Larry talks about…character development

Let me begin by throwing out this disclaimer: I do not consider myself an expert in the craft of writing. I say that because I am about to give you some words that relate to character development and the words will reflect how I do it. They do not make it the "right way." The "right way" is ultimately "your way."

First of all, I am a bit of a "pantster." That is, I fly by the seat of my pants when I write. If I am going to outline I more than likely do it after the fact. Probably not a good thing but, it is me. Many writers
have character charts and they may profile a character before they begin to write about them. They want to get to know them first. For example, they may list: male/female; height/weight; age; ethnicity; hair color; eye color; single or married; child or teen; religion;; education and so on.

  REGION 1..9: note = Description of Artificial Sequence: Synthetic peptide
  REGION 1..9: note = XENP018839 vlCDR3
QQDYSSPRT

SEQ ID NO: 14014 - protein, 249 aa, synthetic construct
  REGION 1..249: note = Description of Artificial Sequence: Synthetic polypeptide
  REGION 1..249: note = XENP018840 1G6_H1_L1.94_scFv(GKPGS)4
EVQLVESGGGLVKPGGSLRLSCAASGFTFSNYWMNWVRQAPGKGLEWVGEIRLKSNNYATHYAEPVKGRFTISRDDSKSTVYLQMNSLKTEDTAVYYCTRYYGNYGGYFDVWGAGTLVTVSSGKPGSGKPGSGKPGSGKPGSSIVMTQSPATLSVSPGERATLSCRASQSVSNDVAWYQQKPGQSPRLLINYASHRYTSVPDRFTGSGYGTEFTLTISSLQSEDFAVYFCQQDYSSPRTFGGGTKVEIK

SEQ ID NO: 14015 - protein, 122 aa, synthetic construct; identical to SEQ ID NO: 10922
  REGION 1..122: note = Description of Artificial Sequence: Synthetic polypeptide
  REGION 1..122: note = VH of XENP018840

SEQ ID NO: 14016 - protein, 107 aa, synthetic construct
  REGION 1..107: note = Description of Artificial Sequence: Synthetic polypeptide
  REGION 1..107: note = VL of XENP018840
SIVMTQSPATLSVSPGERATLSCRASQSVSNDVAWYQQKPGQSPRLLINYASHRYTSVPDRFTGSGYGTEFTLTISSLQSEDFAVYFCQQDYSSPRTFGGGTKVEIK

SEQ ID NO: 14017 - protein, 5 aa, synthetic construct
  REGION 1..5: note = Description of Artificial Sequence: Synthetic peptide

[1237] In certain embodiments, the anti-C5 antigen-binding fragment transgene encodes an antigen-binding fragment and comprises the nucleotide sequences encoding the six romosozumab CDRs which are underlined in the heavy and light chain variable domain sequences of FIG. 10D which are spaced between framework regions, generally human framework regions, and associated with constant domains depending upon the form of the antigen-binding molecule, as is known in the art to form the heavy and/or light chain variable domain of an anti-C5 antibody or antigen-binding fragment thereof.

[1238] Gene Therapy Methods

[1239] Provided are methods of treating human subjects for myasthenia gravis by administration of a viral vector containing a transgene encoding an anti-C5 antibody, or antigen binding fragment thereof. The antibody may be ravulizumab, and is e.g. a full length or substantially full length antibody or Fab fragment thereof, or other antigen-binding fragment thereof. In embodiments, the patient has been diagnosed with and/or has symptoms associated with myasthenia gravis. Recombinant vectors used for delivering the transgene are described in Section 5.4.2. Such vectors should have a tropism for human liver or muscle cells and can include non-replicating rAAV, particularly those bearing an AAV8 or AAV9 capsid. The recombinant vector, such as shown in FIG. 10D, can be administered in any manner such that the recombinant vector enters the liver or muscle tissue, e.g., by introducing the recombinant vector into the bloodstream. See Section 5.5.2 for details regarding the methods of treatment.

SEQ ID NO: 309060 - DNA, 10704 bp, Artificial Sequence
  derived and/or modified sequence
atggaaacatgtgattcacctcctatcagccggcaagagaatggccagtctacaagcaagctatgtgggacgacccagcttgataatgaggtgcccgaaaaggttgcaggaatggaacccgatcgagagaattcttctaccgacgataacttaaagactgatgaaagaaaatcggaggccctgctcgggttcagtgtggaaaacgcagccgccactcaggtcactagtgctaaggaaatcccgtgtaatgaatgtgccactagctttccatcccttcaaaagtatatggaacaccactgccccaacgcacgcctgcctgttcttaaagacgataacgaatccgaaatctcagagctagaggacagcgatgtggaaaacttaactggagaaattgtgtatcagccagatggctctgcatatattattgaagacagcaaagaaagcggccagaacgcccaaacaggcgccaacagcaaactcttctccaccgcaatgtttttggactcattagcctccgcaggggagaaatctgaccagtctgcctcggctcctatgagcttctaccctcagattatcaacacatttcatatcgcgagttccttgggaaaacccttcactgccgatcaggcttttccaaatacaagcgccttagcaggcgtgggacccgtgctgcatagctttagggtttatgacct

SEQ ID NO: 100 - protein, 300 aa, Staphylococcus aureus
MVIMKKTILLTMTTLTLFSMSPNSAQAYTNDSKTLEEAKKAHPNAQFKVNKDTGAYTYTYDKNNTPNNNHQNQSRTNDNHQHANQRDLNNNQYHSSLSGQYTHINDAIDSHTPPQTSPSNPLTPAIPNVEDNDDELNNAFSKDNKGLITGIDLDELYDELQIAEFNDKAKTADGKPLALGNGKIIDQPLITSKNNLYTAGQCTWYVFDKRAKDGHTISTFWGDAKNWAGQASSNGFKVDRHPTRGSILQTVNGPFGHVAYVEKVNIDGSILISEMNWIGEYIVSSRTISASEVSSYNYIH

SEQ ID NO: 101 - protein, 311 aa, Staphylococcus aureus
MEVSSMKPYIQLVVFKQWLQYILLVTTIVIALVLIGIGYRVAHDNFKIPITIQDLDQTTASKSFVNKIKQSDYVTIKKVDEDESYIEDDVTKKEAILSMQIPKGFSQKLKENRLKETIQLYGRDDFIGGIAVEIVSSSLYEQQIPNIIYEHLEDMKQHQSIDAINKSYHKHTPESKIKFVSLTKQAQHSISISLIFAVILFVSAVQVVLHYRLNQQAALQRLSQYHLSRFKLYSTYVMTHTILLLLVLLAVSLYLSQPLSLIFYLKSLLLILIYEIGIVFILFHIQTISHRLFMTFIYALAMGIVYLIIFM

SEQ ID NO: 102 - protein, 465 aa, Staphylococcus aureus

When I get in the writing mode and words begin to pour out of my pen onto the paper, (yup---pen & paper, the keyboard comes later) all sorts of thoughts start floating before me. Many may consider that a chaotic way to develop a story, no less a character. But my main character is in my head already. I know him/her. Their development and personality is almost a given when I begin. As I go along, this person has to interact with other characters in the book. Many of these characters just happen to come along, unexpectedly, as I write. Then, having met them, I begin to know them. For example, in "The Priest and The Peaches," the character of "Fadeaway" Walker shows up. I have no idea how Fadeaway came out of my pen. But---he did. Suddenly he is a pathetic -0 year old, sort of a lost soul, soft spoken and gentle. But his incessant visiting of the local taverns never having any money and trying to get someone to buy him a drink has turned him into someone most of the guys despise and want to avoid. But then "Pops" comes along and all of that changes. There is a poignant scene at Pops' wake when Fadeaway quietly steps to the casket and slips a pint of whiskey under the lid. Tears coming down his cheeks he whispers, "Thanks Yimey, Happy New Year." No one sees him and he leaves.